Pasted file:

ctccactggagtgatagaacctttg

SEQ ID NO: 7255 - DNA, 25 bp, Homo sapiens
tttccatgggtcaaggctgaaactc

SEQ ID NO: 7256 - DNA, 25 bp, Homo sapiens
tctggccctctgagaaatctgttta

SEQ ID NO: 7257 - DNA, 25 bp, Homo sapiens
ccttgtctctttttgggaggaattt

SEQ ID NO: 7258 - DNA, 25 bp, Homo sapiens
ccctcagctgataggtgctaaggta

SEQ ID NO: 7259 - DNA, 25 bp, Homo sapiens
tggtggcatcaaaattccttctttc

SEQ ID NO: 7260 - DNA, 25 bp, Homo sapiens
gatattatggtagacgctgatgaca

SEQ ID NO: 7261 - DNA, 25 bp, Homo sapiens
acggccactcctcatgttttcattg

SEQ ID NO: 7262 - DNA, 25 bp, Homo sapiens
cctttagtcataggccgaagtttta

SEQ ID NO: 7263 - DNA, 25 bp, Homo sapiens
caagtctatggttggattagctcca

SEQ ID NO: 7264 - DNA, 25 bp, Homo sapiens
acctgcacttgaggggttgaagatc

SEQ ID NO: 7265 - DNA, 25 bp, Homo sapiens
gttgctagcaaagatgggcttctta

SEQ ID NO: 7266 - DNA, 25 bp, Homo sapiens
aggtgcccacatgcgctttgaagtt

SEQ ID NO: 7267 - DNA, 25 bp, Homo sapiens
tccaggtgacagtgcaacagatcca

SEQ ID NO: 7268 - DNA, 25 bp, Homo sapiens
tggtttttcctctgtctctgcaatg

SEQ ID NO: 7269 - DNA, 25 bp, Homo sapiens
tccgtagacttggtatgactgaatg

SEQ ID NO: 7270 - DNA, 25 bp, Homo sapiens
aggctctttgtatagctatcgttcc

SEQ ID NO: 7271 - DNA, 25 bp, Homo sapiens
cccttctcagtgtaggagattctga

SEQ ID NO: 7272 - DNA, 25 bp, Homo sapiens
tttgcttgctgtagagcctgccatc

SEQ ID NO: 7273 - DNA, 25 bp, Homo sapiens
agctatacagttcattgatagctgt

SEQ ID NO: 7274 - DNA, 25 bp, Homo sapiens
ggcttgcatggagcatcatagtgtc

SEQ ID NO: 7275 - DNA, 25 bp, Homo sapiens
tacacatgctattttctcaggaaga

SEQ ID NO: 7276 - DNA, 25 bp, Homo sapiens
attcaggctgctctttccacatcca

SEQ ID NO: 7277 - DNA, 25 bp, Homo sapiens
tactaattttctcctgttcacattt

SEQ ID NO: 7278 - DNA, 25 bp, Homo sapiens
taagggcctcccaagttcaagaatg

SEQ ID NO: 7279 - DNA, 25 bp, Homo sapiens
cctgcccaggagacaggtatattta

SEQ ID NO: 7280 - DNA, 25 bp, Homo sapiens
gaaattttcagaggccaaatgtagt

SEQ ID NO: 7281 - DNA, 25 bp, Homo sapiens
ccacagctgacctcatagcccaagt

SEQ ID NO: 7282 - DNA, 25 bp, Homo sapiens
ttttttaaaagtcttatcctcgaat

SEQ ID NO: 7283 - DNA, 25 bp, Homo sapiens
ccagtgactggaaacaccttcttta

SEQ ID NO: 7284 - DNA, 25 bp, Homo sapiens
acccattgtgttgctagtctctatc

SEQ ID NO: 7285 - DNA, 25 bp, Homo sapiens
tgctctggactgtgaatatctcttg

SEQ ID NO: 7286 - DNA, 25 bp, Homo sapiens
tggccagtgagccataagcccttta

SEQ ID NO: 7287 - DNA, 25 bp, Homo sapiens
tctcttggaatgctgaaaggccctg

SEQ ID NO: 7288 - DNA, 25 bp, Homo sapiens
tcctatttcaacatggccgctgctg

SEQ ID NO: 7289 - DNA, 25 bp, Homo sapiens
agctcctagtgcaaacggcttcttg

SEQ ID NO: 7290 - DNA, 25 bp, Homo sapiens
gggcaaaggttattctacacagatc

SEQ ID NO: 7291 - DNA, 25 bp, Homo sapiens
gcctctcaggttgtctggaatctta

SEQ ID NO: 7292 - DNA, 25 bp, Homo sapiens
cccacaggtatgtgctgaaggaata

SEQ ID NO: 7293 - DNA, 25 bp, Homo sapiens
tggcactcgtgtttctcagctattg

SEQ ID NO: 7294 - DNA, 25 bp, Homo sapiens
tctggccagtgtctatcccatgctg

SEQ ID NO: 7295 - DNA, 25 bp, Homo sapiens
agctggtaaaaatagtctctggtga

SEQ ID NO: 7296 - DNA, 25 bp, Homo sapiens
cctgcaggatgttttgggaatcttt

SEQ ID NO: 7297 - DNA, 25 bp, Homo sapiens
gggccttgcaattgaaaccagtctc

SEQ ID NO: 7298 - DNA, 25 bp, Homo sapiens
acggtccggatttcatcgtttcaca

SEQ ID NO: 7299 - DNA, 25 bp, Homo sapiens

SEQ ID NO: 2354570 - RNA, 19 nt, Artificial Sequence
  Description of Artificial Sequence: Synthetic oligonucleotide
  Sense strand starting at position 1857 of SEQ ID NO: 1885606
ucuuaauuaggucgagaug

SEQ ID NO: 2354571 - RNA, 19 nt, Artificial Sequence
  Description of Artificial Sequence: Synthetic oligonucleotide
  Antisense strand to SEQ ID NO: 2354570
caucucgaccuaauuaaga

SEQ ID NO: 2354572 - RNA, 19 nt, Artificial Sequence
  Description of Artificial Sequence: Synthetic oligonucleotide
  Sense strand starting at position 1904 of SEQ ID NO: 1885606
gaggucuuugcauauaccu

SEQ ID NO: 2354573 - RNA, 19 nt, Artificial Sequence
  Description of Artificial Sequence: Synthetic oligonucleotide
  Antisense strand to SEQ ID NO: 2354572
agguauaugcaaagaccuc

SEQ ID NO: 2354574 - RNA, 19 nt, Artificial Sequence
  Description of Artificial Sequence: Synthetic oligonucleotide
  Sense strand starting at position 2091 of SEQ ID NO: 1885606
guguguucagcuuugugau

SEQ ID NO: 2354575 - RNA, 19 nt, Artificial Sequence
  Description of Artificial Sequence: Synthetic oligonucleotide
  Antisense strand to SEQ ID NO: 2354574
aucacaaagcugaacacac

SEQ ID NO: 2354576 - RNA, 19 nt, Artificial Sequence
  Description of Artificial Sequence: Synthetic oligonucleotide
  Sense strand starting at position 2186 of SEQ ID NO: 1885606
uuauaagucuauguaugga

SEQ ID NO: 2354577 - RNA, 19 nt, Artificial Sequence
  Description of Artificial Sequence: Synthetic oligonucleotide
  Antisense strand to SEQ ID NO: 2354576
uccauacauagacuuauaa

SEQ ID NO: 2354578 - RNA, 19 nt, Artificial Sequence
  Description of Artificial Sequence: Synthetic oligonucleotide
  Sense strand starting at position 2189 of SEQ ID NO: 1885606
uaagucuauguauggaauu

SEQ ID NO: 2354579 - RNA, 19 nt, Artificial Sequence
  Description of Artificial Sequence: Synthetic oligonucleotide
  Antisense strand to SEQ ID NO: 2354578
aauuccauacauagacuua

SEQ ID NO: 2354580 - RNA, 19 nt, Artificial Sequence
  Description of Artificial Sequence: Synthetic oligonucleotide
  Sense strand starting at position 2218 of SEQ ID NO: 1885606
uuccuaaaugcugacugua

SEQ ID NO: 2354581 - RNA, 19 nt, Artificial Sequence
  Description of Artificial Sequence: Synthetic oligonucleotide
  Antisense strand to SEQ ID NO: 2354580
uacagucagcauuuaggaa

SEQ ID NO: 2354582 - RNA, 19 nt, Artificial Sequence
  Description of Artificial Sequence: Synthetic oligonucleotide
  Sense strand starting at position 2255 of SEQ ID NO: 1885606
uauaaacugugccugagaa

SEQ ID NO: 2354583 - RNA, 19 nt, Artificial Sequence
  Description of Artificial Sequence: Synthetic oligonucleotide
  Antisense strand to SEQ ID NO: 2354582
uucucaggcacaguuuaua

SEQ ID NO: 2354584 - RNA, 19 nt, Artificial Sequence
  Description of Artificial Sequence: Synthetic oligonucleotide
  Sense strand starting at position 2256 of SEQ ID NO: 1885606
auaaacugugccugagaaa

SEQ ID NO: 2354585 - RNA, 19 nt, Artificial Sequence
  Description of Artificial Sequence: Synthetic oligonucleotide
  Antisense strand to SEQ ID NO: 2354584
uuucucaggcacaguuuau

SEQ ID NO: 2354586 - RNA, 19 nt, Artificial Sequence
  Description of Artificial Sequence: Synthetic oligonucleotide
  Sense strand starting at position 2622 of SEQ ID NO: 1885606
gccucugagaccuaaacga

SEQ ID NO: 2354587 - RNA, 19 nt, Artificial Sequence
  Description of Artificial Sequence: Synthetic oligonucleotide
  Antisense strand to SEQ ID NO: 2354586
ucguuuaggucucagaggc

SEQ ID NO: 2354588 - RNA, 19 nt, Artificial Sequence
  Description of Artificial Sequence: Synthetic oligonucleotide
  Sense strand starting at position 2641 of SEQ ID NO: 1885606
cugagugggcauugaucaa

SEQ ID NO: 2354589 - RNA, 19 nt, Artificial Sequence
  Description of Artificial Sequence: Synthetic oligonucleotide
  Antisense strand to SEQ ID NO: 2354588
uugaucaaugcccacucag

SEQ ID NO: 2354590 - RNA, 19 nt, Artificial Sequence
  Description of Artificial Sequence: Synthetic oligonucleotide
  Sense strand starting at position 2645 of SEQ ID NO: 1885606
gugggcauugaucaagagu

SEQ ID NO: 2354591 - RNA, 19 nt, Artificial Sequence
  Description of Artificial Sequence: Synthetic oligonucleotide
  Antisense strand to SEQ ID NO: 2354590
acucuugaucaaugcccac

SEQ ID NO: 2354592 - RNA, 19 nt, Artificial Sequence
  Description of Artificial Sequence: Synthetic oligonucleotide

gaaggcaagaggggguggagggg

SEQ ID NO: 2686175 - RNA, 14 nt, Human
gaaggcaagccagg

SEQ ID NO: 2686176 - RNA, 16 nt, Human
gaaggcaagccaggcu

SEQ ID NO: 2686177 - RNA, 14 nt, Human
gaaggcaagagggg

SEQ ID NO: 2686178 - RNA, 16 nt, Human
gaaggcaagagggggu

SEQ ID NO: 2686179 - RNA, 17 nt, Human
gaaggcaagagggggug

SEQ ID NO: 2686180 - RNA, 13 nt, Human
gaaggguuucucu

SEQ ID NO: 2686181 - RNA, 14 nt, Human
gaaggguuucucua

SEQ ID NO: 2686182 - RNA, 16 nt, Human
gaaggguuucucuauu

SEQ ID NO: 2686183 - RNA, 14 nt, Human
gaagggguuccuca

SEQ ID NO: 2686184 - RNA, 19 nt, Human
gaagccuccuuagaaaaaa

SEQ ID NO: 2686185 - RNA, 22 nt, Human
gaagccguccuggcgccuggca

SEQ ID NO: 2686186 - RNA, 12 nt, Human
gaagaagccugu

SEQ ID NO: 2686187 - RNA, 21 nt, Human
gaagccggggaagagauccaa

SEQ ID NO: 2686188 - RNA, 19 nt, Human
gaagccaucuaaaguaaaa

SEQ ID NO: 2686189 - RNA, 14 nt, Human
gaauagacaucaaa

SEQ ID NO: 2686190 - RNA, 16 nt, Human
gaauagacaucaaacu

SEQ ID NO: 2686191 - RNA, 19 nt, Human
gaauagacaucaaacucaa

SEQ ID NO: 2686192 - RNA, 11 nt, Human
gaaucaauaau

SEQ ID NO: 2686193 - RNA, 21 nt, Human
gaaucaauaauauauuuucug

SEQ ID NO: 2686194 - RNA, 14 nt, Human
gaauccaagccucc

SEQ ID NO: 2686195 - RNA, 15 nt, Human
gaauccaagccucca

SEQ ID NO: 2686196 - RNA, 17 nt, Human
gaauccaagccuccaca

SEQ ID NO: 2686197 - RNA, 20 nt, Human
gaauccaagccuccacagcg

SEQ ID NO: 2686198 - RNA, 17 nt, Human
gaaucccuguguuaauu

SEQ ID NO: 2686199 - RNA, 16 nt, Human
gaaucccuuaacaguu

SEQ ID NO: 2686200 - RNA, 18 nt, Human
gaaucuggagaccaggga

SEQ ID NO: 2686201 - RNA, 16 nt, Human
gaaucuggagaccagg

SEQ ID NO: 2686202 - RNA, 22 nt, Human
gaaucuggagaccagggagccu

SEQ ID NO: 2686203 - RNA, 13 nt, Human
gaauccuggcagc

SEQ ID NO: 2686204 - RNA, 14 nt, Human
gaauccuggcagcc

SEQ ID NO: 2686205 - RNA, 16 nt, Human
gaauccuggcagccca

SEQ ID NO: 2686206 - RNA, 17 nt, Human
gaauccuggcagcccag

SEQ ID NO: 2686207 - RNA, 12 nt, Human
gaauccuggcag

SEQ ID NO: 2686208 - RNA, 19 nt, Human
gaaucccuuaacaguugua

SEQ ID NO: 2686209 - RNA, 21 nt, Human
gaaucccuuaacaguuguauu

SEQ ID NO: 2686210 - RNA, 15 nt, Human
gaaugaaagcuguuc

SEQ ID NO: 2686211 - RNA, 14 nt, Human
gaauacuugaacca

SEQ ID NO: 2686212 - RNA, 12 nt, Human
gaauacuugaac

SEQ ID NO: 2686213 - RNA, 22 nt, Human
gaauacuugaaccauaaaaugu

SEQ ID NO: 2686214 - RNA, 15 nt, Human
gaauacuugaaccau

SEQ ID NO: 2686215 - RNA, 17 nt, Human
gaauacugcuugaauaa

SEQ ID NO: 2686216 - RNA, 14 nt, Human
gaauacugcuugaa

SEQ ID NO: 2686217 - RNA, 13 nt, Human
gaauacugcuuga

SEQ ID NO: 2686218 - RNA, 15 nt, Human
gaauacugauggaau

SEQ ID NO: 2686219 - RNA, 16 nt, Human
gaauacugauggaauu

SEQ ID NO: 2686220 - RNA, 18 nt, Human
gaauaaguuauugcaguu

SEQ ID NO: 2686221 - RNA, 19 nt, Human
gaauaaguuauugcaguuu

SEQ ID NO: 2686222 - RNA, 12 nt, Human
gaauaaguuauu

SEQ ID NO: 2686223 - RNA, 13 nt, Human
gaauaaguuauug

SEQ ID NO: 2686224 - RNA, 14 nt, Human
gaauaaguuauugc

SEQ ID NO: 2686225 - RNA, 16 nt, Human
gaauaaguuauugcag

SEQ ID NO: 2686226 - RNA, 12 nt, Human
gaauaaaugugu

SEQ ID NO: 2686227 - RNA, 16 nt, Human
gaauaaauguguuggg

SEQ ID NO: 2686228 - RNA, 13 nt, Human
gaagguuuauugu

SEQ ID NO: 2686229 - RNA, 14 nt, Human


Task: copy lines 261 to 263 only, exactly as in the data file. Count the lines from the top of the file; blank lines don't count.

gaauacuugaaccau

SEQ ID NO: 2686215 - RNA, 17 nt, Human
gaauacugcuugaauaa